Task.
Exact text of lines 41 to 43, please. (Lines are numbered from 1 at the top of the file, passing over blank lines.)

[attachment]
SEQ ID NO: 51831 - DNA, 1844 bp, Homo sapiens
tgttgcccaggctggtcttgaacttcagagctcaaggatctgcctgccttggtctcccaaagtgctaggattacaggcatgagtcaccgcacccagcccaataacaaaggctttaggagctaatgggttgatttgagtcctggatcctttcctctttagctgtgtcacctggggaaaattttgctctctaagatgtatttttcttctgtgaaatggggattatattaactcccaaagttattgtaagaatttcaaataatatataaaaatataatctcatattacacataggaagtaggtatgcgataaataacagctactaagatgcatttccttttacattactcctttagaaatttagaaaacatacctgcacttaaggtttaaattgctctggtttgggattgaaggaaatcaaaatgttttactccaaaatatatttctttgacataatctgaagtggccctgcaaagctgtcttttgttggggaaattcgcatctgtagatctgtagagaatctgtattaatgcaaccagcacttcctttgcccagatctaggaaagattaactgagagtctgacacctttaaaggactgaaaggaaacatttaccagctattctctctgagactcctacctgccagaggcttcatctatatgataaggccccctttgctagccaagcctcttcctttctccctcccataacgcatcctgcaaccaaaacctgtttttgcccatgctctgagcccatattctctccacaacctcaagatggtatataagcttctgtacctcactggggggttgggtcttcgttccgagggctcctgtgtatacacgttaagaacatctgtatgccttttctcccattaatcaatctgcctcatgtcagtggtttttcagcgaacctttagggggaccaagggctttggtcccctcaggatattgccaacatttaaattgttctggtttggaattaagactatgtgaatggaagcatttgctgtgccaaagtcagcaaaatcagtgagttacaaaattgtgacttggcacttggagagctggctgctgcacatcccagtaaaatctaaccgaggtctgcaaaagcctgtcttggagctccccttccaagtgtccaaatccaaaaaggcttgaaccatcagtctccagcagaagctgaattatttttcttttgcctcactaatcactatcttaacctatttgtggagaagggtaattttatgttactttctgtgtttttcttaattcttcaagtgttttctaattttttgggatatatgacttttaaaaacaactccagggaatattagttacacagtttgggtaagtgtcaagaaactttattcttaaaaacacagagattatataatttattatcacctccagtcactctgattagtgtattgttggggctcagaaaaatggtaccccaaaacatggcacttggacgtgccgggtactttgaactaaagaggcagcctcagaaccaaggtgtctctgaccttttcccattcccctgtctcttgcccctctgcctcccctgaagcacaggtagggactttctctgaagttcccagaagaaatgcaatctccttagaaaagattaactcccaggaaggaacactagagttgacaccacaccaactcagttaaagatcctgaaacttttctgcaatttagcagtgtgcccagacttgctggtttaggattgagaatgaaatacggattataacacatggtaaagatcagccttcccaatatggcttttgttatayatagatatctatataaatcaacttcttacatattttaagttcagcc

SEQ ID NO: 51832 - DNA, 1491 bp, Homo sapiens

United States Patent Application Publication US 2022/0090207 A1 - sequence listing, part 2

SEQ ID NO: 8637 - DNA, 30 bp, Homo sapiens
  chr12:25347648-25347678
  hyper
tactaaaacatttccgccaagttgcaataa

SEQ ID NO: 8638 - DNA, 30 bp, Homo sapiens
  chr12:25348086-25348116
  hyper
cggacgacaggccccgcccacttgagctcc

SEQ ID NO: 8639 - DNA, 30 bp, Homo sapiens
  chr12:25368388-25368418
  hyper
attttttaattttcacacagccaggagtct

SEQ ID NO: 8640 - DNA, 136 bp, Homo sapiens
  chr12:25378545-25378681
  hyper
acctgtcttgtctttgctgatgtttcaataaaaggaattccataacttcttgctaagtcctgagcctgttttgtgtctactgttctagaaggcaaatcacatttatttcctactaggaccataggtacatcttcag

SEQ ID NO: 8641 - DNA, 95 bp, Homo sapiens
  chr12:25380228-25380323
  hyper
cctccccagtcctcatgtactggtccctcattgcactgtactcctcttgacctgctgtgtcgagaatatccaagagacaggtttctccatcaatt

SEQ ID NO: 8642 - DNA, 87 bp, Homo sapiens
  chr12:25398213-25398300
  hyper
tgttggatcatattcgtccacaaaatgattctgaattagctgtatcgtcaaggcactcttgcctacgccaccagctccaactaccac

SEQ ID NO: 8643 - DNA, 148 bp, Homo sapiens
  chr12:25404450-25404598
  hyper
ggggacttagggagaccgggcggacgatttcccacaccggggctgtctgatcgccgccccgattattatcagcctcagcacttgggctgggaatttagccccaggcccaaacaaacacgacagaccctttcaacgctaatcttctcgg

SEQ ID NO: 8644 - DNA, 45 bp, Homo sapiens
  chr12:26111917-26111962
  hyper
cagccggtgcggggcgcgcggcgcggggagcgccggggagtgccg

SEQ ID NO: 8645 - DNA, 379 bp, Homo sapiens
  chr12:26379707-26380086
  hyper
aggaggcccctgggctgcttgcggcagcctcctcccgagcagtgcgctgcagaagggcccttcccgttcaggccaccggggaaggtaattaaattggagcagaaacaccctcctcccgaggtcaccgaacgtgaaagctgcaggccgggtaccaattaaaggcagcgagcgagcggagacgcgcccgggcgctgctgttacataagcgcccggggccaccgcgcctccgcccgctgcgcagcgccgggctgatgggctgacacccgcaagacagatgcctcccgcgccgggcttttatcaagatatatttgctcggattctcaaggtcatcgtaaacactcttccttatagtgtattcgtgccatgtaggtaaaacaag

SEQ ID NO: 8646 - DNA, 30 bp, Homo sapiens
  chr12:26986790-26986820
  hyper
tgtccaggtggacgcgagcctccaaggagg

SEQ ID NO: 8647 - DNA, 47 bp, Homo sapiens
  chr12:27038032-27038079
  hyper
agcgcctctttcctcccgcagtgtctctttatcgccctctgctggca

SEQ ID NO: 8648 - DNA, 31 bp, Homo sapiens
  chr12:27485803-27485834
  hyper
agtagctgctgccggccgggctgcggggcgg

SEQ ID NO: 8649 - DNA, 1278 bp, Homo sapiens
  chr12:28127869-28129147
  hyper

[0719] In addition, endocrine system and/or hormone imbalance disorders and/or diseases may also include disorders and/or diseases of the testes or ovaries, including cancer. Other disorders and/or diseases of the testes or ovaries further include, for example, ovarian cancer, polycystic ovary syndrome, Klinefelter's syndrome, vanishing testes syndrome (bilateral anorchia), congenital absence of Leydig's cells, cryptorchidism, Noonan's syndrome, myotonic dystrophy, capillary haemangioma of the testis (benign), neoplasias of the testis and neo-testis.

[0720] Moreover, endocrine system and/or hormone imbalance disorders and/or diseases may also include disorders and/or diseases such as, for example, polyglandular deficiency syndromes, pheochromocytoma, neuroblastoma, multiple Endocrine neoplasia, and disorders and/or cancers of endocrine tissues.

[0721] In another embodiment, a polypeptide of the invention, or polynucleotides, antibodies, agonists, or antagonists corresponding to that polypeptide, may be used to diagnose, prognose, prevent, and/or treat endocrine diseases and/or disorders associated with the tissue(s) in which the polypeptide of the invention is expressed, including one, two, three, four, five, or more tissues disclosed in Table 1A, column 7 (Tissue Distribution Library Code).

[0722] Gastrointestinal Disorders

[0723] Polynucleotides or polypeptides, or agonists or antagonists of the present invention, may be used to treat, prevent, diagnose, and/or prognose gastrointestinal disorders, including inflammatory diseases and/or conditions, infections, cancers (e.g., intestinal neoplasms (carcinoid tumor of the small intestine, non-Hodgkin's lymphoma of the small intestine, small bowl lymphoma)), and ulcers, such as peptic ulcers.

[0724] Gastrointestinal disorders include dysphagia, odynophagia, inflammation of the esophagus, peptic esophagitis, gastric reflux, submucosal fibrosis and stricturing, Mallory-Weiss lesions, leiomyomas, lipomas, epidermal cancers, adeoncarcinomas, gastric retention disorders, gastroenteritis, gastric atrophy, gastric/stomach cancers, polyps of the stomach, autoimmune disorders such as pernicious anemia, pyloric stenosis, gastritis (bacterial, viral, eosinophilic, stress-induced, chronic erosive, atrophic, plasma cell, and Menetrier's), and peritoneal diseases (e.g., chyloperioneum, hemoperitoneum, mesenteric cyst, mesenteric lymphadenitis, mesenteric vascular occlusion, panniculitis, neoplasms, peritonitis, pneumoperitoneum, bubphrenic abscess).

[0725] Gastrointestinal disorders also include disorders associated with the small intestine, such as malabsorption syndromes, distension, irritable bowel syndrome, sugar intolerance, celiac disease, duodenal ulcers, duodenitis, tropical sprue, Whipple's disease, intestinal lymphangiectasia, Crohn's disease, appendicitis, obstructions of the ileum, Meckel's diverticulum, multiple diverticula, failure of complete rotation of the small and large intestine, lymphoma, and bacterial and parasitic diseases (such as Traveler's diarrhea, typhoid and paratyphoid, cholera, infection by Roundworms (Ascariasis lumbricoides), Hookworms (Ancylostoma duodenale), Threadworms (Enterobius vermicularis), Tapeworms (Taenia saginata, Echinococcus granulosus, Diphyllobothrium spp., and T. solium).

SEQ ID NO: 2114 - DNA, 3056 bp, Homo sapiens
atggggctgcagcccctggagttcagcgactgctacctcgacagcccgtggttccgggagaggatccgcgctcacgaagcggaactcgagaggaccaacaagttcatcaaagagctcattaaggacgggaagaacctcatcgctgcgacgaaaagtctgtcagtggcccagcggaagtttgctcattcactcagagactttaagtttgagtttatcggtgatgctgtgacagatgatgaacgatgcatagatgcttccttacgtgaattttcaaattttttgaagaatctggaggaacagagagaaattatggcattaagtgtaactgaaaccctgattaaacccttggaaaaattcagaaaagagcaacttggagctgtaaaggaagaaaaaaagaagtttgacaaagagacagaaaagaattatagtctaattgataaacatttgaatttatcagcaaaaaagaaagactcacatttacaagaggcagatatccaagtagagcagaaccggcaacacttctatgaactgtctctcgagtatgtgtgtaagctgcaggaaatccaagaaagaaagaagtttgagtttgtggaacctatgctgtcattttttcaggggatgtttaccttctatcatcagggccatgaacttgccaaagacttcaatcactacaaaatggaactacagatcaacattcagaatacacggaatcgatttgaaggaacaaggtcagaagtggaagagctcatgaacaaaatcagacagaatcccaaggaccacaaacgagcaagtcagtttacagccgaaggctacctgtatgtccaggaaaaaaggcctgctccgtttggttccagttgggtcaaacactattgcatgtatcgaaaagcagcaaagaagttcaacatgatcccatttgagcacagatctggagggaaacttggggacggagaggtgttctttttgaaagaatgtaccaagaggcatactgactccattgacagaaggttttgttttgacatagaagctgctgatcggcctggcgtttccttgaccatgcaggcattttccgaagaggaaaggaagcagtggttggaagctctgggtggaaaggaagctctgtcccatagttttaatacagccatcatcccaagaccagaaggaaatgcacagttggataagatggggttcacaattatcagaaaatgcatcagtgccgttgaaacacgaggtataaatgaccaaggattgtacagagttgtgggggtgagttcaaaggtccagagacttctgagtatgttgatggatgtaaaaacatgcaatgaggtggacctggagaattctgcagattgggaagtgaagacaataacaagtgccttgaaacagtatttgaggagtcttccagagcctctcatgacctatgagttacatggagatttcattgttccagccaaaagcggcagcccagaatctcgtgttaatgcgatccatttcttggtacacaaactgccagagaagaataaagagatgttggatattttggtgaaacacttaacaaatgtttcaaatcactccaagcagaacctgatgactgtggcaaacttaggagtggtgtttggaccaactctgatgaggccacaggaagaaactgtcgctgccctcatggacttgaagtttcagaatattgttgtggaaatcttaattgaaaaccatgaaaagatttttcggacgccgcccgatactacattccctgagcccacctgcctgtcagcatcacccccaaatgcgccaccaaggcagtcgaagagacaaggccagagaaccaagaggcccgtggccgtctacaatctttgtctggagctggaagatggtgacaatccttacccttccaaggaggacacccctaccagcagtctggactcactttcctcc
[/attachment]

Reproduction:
SEQ ID NO: 8646 - DNA, 30 bp, Homo sapiens
  chr12:26986790-26986820
  hyper